The Sine Qua Non of Climate Diplomacy, Part II

The Sine Qua Non of Climate Diplomacy, Part II

By Kevin Spinella, Staff Contributor

On the eve of the G20 Summit in Hangzhou, the United States and China announced they would join the Paris Agreement under the United Nations Framework Convention on Climate Change.[1] While not entirely a surprise, such a declaration is nonetheless a significant breakthrough. The U.S. and China are the largest polluters of greenhouse gases.[2] With the U.S. and China as signatories, the prospect for the agreement’s widespread approval becomes ever more likely, as other countries will be encouraged to follow suit. In order for the agreement to be enacted, at least 55 countries representative of 55% of global emissions are needed to sign and deliver the accord.[3] The U.S. and China represent approximately 38% of global emissions.[4] While there is a long way to go, because of Intended Nationally Determined Contributions (INDCs),[5] closing this gap is not insurmountable. Accordingly, soon after the time of this publication, I would not be surprised if the agreement “enters into force,”[6] which would represent much needed progress in the fight against global warming.

But let’s not self-congratulate too quickly. This progress could be undone by GOP Presidential Nominee Donald J. Trump. Mr. Trump has indicated his opposition to the Paris Agreement, and has stated his plans, if elected, not to cooperate.[7] Moreover, under Article 28 of the Paris Agreement, President Trump could formally withdraw the U.S. from the accord after three years.[8] While the repercussions and sanctions to the U.S. for doing so would be minimal,[9] the ramifications to our climate would no doubt be severe. Democratic Presidential Nominee Hillary R. Clinton has indicated, if elected, her support of the Paris Agreement.[10] Therefore, the outcome of the U.S. Presidential election will determine far more than whether a wall will be built on the southern border between U.S. and Mexico. Indeed, the stability of this agreement may rest upon the outcome of the U.S. election.

However, the U.S. is but only one key player in the battle against climate change. What’s to stop any other government from ignoring or withdrawing from the Paris Agreement due to future changes, political or otherwise? What happens if a future China decides not to comply? With minimal sanctions and a mere explanation required for non-compliance,[11] one or more countries could derail the scope of this agreement in years to come. Accordingly, exacting compliance measures and political pressures must be an integral part of encouraging countries’ continual participation in the agreement and adherence to their predetermined INDCs.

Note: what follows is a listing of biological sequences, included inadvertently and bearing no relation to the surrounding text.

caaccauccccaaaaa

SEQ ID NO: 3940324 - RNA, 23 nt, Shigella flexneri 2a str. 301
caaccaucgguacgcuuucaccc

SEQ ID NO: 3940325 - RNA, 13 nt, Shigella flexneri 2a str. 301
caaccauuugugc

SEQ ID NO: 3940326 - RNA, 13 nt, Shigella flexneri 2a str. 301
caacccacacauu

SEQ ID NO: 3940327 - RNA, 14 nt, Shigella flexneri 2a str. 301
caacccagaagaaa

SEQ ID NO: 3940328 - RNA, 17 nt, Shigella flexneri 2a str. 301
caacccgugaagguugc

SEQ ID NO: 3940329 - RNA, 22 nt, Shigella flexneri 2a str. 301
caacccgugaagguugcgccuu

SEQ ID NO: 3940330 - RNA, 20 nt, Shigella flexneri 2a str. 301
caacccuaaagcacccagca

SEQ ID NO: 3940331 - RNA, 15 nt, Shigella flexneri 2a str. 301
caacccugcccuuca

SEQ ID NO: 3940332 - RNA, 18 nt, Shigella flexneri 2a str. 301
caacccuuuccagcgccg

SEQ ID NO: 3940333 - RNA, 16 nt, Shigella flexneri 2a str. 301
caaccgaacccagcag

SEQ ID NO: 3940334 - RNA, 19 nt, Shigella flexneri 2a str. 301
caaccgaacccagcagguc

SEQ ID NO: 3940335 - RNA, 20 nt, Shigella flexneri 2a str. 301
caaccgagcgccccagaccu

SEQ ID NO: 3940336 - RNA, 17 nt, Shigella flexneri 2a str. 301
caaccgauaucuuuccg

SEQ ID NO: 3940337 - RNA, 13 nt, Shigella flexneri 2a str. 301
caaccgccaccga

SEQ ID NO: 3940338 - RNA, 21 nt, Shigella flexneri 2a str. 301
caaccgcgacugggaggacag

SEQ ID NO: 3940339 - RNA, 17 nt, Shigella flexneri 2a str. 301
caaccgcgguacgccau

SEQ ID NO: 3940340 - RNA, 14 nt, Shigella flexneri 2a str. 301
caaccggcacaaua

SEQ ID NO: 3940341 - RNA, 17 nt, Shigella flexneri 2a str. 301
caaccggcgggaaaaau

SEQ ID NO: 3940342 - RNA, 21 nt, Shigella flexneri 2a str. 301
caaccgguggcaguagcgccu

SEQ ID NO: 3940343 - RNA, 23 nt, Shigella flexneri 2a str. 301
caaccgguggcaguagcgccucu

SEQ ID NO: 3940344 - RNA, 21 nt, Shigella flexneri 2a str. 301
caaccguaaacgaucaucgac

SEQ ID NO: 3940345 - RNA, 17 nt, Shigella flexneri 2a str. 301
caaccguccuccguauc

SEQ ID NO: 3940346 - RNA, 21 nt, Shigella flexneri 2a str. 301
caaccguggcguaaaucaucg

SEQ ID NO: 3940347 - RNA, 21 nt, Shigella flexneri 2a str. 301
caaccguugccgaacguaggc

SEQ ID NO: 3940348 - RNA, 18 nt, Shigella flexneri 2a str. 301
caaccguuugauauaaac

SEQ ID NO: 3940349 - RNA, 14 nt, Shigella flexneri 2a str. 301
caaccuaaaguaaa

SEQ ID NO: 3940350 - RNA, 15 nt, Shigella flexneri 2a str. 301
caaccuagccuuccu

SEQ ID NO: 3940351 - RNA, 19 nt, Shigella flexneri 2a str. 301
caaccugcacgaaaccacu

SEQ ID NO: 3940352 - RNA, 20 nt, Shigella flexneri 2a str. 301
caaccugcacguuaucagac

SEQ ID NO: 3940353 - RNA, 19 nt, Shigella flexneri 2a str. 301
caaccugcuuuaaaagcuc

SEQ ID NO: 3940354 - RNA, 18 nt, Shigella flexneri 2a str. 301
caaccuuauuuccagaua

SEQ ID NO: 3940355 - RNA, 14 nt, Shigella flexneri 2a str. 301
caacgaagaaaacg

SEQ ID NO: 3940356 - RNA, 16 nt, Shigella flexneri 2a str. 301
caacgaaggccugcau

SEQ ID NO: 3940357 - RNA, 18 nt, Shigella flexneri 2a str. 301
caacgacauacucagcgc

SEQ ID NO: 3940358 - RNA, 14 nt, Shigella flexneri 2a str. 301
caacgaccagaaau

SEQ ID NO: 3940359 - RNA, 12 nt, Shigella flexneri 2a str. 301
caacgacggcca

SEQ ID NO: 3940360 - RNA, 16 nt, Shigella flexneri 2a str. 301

Approximately one year ago, in The Sine Qua Non of Climate Diplomacy,[12] I wrote about both the benefits and challenges of INDCs. While INDC pledges provide authority for polities to determine their own sovereign reduction goals, these goals may not be at a rate significant enough to militate against corresponding contributions to greenhouse gas emissions.[13] Moreover, as discussed, a nation could alter or even choose not to comply with one or more INDC reduction goals.[14] However, the cost of not having a country participate in the Paris Agreement is far more perilous. While the agreement is surely flawed, it is an important first step. While I do expect its passage, unfortunately, I do not expect it to do enough to fight against global warming. Hopefully, however, it serves as a vital stepping stone for future agreements and future courses of action which will more aggressively curb the rise of greenhouse gas emissions. And let us equally hope that our leaders remain up to the challenge of taking on climate change without abandon.

 

[1]  Chris Mooney et al., The U.S. and China just joined the Paris climate deal — which could be bad news for Donald Trump, Wash. Post, Sept. 3, 2016,  https://www.washingtonpost.com/news/energy-environment/wp/2016/09/03/u-s-and-china-just-ratified-the-paris-climate-agreement-which-could-be-bad-news-for-donald-trump/?utm_term=.aacca4f352d7/.

[2] Id.

[3] Id.

[4] Id.

[5] Justin Worland, Climate Change Negotiators Are Undeterred by Slow Progress, Time Sept. 4, 2015, http://time.com/4022258/climate-change-bonn/.

[6] Mooney, supra note 1.

[7] Mooney, supra note 1.

[8] Mooney, supra note 1.

[9] Mooney, supra note 1.

[10] Mooney, supra note 1.

[11] Mooney, supra note 1.

[12] Kevin Spinella, The Sine Qua Non of Climate Diplomacy, The Geo. Envtl. L. Rev., Sept. 30, 2015, https://gelr.org/2015/09/30/the-sine-qua-non-of-climate-diplomacy-georgetown-environmental-law-review/.

[13] Worland, supra note 5.

[14] Worland, supra note 5.

One response to “The Sine Qua Non of Climate Diplomacy, Part II

  1. Luckily, if Mr Trump decides to back out of the Agreement, then Article 28 also states ‘Any such withdrawal shall take effect upon expiry of one year from the date of receipt by the Depositary of the notification of withdrawal’, which would mean that if he were to lose reelection, then the next POTUS may have enough time to cancel the process.
    Very nice article, I cannot wait to enter law school and to start navigating the complex web of environmental law.

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